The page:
The Landco Pacific CEO Erickson Manzano has etched his name in the annals of the country’s real estate industry. Today, he’s telling us the captivating tales that made him, the principles that ground him, and his mission of building the luxury estate of your dreams
Expectations can be tricky. When you hear the title, “CEO of top real estate development company,” you immediately think: daunting, towering men in three-piece suits. When you hear of coming to an unfinished site for an interview, you imagine hard hats and cement. In visiting Landco’s marquee development in Calatagan South Beach (CaSoBe) and sitting down with the stern, yet jovial chief at the company’s helm, I should have thrown all expectations out of the window. What were once anxieties were subverted to immediate bliss the moment we caught a glimpse of the sky meeting the sea as we arrived. By the time I was having the chat of my life with the man they call “Sir Erick”, all worries completely vanished. Was it the charm of the sea that brought me solace? Or was it the fervent message of optimism and the endless gifts of wisdom that the equally-charming Erickson Manzano was able to share?
The story of two pioneers
Landco Pacific distinguished its pioneership after masterminding the country’s first upscale beachside residential development from a vast peninsula of nothingness and rough roads in Punta Fuego back in 1995; effectively awakening the country’s luxury real estate market. These gargantuan feats were what Manzano asserted to be the benchmark that his management aims to continually surpass. Fortunately, the 50-year old executive has more than just a couple of tricks up his own sleeve, as he shrugs that he was built with the pioneer gene himself with his history in the industry.
Erickson Manzano is not a man who regularly reminisces. Luckily, he was able to bless us with the aspirations he formulated during his younger years, cherishing a few role models that have kept his admiration, and a couple of companies to have offered his dream job.
Erick’s first great paragon was no other than his own father, Engr. Jun Manzano. The now-retired structural engineer of 80 years of age was actually the man who would influence Manzano to take up Engineering in his earlier years in order to build a successful career. To say that this advice had helped Erick’s career would criminally understate the incredible career that the younger Manzano has garnered under his belt. Manzano’s second role model would arrive a little later in the form of the man behind Metro Pacific Investments. Today, leading tycoon Manny V. Pangilinan not only stands as one of Erick Manzano’s role models, but also his boss as one of the partners of Landco Pacific itself; the very company that Manzano once dreamt of working in as an MBA student.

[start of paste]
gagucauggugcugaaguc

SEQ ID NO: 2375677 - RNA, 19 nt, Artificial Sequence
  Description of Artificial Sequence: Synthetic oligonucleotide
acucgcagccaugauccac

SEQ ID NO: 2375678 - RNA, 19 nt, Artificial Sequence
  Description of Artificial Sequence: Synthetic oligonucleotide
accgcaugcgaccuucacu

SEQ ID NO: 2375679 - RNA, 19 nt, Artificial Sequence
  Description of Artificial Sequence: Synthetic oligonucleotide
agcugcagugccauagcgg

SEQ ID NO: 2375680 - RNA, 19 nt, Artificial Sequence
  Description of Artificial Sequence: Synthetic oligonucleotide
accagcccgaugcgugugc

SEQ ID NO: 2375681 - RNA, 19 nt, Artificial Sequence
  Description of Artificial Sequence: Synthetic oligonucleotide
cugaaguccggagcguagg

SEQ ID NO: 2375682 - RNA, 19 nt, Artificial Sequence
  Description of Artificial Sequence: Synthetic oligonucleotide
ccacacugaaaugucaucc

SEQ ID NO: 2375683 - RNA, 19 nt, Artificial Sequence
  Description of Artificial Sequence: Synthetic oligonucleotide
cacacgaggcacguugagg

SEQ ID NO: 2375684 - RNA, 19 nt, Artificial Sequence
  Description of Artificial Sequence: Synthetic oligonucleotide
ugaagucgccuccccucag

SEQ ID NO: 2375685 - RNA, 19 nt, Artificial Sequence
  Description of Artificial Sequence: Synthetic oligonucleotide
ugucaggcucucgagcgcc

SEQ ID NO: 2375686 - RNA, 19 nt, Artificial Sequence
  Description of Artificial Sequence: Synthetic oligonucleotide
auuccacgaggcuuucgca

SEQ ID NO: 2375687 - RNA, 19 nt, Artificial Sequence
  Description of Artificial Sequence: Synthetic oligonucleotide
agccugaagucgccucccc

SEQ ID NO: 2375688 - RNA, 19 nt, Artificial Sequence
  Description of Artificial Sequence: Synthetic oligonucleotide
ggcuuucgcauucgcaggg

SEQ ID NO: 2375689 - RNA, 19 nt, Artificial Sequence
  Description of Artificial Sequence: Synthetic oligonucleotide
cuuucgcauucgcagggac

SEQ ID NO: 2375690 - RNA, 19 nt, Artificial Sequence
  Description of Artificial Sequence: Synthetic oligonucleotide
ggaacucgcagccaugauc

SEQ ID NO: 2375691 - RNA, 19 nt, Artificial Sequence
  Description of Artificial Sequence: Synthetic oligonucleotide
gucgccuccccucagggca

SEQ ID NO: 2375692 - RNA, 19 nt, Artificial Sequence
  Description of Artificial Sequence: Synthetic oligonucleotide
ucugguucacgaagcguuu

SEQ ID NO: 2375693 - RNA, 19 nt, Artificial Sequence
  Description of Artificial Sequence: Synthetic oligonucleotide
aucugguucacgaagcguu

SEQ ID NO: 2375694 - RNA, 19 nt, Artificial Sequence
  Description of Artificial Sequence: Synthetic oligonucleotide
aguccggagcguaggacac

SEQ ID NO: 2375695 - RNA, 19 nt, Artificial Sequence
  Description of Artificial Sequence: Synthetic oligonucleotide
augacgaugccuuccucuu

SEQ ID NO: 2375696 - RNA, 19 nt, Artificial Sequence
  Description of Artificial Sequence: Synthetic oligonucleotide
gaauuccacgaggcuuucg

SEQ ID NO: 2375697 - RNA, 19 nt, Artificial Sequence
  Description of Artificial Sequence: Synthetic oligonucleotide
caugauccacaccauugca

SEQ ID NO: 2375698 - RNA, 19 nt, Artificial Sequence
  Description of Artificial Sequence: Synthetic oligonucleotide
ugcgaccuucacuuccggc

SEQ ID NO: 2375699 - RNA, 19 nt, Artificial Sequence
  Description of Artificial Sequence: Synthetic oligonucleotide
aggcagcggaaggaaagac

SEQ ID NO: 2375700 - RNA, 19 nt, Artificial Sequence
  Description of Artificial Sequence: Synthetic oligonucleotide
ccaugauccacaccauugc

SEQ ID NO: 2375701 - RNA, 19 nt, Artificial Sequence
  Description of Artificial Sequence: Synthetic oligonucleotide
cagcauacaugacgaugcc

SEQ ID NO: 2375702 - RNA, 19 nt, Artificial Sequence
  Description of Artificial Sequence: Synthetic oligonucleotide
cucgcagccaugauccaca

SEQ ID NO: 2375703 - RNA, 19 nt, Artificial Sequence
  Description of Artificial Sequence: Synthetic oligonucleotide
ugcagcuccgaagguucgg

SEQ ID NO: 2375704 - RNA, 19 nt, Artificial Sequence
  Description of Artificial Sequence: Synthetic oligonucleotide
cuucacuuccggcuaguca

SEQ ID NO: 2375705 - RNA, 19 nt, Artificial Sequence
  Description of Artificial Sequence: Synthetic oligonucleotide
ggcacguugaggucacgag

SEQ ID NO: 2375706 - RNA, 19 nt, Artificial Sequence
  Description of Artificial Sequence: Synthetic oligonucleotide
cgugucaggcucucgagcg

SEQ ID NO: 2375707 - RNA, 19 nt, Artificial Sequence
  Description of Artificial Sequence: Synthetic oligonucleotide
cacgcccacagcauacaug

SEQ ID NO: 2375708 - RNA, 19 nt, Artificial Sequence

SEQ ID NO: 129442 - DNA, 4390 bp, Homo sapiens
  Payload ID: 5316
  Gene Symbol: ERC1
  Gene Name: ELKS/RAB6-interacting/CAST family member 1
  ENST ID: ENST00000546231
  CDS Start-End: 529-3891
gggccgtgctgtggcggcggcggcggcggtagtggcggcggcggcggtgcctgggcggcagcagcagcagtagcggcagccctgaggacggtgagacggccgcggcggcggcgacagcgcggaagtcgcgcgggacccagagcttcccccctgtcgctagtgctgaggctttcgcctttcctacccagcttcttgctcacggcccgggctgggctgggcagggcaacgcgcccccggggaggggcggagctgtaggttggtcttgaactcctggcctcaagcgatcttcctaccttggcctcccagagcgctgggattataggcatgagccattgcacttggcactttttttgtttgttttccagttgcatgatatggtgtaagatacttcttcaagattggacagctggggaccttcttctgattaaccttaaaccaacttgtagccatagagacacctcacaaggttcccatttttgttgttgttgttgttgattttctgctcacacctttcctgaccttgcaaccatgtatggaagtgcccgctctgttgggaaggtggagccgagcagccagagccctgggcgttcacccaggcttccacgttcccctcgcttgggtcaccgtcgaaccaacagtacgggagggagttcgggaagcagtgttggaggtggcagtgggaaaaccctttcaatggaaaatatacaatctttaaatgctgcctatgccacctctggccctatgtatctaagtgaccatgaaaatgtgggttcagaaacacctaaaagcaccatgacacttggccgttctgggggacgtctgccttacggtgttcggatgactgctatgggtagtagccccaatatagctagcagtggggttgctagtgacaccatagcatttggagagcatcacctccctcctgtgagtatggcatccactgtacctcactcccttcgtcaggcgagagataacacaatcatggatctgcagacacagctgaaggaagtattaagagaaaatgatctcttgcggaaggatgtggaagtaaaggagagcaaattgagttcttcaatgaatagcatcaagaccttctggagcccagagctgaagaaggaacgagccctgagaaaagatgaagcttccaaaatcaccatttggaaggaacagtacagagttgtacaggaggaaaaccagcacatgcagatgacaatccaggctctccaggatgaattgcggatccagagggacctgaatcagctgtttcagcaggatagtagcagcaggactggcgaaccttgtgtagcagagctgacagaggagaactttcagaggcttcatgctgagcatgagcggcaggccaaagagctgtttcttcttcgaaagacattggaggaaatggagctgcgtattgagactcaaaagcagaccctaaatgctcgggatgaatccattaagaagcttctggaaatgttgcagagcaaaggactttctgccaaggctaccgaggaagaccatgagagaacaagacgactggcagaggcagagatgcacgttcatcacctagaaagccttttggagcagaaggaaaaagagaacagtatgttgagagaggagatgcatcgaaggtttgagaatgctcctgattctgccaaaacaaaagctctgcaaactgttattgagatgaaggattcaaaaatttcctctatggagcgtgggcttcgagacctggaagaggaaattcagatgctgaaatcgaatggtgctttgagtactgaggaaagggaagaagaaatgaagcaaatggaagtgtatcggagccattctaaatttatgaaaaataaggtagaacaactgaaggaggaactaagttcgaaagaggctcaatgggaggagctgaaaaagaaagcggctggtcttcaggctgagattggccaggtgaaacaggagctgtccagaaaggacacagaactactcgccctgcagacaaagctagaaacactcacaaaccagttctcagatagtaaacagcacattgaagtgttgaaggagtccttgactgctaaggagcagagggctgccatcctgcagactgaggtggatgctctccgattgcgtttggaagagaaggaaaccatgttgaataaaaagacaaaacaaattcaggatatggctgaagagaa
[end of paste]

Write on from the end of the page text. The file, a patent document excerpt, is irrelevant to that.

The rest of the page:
Manzano asserted that he was only able to grasp both of his biggest career dreams in his hands after leading as the chief innovator in each of the who’s who of companies listed under his star-studded curriculum vitae. He honed in on his 10-year tenure with Ayala Land, which culminated with the country’s first sustainable eco-city development with Nuvali in Santa Rosa, Laguna, to be his finest achievement before Landco. This treasure trove of experiences seems to have garnered dividends for Manzano in the form of irreplaceable wisdom and a trusty instinct. Luckily, the man was able to bestow us with the adage: “you, and me, are the accumulation of every boss we’ve ever worked for, all of our experiences, [and] every meeting we’ve ever had. I’ve been to several companies and I’ve learned a lot from them, [both] good and bad.”
At the driver’s seat, the 50 year old has set the company’s roadmap towards the cosmos. Manzano asserted that just as his forerunners had built an empire atop of an endless void in Punta Fuego, his administration is also hellbent in making its own mark. With the once-empty paradises of Calatagan South Beach and Club Laiya now looking like the modernized landscapes of your dreams, how did Manzano and company do things differently? Let’s find out.
A breath of fresh air
Manzano confides that before he could even lay his first brick, he had to first rebuild Landco from within. As chief executive officer, Manzano immediately understood that corporate culture would be the most critical factor towards the company’s success.
To the seasoned executive, this meant shaking up the 30-year old company’s roots by attempting different methods of execution. This meant taking on the role of a fair but firm leader; a pursuit that entailed taking out those that didn’t fit the new culture, and recalibrating all business processes top-down altogether. This meant prioritizing the principles of integrity, harmony, and excellence over anything else. As Manzano shared this profound accolade with us, he couldn’t help but express his profuse gratitude and pride for the team he has painstakingly assembled, as well as cherish the fruits of his tough choices; a culture founded in “openness, and learning and helping each other out. “If you’re the boss and your team can tell you [that] you’re wrong, that’s healthy,” Manzano proudly shares.